Time Marches On

March 18, 2015


It seems hard to believe, but 25 years last December marked the start of my career in bulk solids handling in Australia.  This was followed by a move to the US 18 years ago to work with Jenike & Johanson.  The years have flown by, and I’ve worked on many interesting projects, traveled to many interesting places (maybe living in a shipping container was not one of them…), and met many interesting people along the way.  What has, and continues to amaze me is the number of industries that handle bulk solids and use (or need) engineering help in making their systems better.

Technology has, and continues to evolve.  The use of computers continues to make our lives easier and today we are much more efficient with our work.  We can do things like 3D modeling (DEM – discrete element method) and numerically model individual particles, something that we didn’t even think of 25 years ago.  The internet, cell phones and email have also meant we are in continual contact with the outside world, which has brought the world closer together.

This reminds me of a recent story when my family and I were flying to a warmer climate (to get phone-oldaway from the harsh Boston winter this year).  At one airport we saw an old pay phone, where I mentioned to my children that years ago we had phone cards to call into the office.  Typing in the correct 30 (or so) number string allowed one to make a call without the need for money.  The problem I had was punching in the 30 numbers correctly so I could make a call!  We can also share information easily today using these same tools.  However, nothing beats face-to-face contact.  Conferences continue to be a good area to learn the latest developments and understand what others in the field are working on and what is important.  The CHoPS 2015 (Conveying and Handling of Particulate Solids) conference in May 2015 in Tel Aviv, Israel will be one such event this year.  CHoPS 2015 is celebrating 20 years.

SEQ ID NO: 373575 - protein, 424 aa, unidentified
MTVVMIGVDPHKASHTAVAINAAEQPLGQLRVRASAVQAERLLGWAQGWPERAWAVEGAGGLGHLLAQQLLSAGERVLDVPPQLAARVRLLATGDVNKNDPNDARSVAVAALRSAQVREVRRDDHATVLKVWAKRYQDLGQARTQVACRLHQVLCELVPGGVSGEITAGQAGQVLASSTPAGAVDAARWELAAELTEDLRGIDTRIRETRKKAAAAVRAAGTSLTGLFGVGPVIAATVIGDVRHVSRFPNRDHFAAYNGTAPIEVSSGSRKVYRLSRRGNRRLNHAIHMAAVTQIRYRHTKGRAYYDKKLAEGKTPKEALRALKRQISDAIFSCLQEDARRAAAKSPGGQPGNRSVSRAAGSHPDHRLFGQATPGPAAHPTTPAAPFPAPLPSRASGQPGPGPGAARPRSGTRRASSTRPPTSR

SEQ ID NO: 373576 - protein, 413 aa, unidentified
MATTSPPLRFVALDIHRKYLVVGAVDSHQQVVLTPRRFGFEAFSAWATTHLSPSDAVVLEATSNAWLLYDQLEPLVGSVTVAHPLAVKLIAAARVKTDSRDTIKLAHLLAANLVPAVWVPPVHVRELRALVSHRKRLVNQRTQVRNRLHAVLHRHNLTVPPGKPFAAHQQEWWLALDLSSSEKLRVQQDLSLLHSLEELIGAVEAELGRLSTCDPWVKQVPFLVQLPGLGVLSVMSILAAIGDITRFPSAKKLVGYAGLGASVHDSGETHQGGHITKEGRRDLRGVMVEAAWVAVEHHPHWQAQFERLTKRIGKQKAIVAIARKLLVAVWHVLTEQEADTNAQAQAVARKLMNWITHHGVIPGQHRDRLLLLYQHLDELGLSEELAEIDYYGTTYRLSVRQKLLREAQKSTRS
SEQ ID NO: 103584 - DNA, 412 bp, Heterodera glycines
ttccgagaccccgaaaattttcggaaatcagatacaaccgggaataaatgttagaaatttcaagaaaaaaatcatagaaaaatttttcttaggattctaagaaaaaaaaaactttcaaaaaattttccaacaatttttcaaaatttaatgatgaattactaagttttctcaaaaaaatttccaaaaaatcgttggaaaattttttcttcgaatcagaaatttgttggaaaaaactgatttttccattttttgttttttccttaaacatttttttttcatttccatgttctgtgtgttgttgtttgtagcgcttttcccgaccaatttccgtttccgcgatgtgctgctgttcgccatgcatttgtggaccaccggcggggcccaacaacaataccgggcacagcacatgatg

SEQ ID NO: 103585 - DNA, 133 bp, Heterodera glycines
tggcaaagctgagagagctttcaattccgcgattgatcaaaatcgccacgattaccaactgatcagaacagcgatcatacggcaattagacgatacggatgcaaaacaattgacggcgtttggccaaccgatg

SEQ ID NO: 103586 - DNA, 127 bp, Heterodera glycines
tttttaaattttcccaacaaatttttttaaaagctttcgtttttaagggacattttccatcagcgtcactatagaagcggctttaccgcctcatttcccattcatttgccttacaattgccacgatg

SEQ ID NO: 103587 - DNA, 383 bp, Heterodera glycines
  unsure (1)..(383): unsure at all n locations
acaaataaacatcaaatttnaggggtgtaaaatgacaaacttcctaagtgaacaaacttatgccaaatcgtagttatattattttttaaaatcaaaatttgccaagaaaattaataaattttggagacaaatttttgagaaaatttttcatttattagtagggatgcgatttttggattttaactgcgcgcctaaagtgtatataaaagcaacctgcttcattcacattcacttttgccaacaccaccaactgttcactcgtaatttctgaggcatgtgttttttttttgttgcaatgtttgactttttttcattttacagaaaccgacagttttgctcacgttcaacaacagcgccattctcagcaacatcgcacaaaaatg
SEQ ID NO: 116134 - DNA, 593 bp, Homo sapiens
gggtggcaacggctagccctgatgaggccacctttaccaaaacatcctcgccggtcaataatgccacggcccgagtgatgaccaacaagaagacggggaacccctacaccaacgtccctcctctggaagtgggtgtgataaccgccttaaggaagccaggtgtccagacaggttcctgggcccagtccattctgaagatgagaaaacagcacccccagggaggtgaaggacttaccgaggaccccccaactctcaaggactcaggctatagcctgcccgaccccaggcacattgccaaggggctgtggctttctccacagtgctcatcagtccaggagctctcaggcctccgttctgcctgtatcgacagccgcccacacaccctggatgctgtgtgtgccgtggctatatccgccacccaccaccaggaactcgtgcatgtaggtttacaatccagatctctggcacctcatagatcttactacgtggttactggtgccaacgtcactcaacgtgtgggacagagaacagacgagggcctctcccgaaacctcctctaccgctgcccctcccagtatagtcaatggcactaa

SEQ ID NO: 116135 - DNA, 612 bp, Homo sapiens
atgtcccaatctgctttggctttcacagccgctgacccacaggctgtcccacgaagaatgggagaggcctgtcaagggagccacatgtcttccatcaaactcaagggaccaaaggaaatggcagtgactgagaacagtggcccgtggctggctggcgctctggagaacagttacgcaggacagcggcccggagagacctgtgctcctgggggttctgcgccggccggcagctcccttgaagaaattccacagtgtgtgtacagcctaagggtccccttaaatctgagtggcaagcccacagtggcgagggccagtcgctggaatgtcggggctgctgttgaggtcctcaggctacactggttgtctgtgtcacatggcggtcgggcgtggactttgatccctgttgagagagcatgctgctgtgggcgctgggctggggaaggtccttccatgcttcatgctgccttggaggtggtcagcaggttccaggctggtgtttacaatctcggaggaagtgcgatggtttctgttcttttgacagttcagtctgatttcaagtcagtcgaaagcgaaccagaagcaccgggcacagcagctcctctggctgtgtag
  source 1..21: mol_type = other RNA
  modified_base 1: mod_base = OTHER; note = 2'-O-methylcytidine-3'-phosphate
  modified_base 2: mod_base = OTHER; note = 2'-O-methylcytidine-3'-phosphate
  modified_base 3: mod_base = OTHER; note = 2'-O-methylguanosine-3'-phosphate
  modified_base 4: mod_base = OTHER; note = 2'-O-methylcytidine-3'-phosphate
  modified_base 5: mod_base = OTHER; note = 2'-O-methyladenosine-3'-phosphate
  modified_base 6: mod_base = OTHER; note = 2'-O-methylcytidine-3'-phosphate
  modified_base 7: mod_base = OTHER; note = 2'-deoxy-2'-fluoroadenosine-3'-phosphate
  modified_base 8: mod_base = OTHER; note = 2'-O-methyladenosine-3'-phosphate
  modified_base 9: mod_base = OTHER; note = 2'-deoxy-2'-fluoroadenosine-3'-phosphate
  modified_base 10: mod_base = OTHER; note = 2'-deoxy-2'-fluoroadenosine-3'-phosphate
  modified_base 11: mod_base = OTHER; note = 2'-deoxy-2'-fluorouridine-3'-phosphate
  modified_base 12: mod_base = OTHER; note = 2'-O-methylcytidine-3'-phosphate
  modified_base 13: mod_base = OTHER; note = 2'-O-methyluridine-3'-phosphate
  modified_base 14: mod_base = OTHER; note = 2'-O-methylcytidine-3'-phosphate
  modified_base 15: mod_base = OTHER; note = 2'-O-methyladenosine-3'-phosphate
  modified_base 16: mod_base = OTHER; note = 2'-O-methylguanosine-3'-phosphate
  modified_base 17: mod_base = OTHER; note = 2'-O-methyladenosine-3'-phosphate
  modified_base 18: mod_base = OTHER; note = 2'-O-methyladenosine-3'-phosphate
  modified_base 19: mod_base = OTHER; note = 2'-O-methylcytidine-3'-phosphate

As with everything, time marches on.  However, as my Professor from The University of Newcastle always reminds me, “don’t forget what was done in the past”.  It’s all too easy to get caught up with the latest technology, but knowing the past and the basic technology allows one to be skilled in the field and to solve many important problems.  As we move to the next 25 years, the field of bulk solids will continue to evolve, but we need to remember and learn from all that has been done before us so that the field will be that much brighter 25 years from now.

To this end, who knows the name Janssen?  Probably all.  Who knows the name Ketchum?  Probably few.

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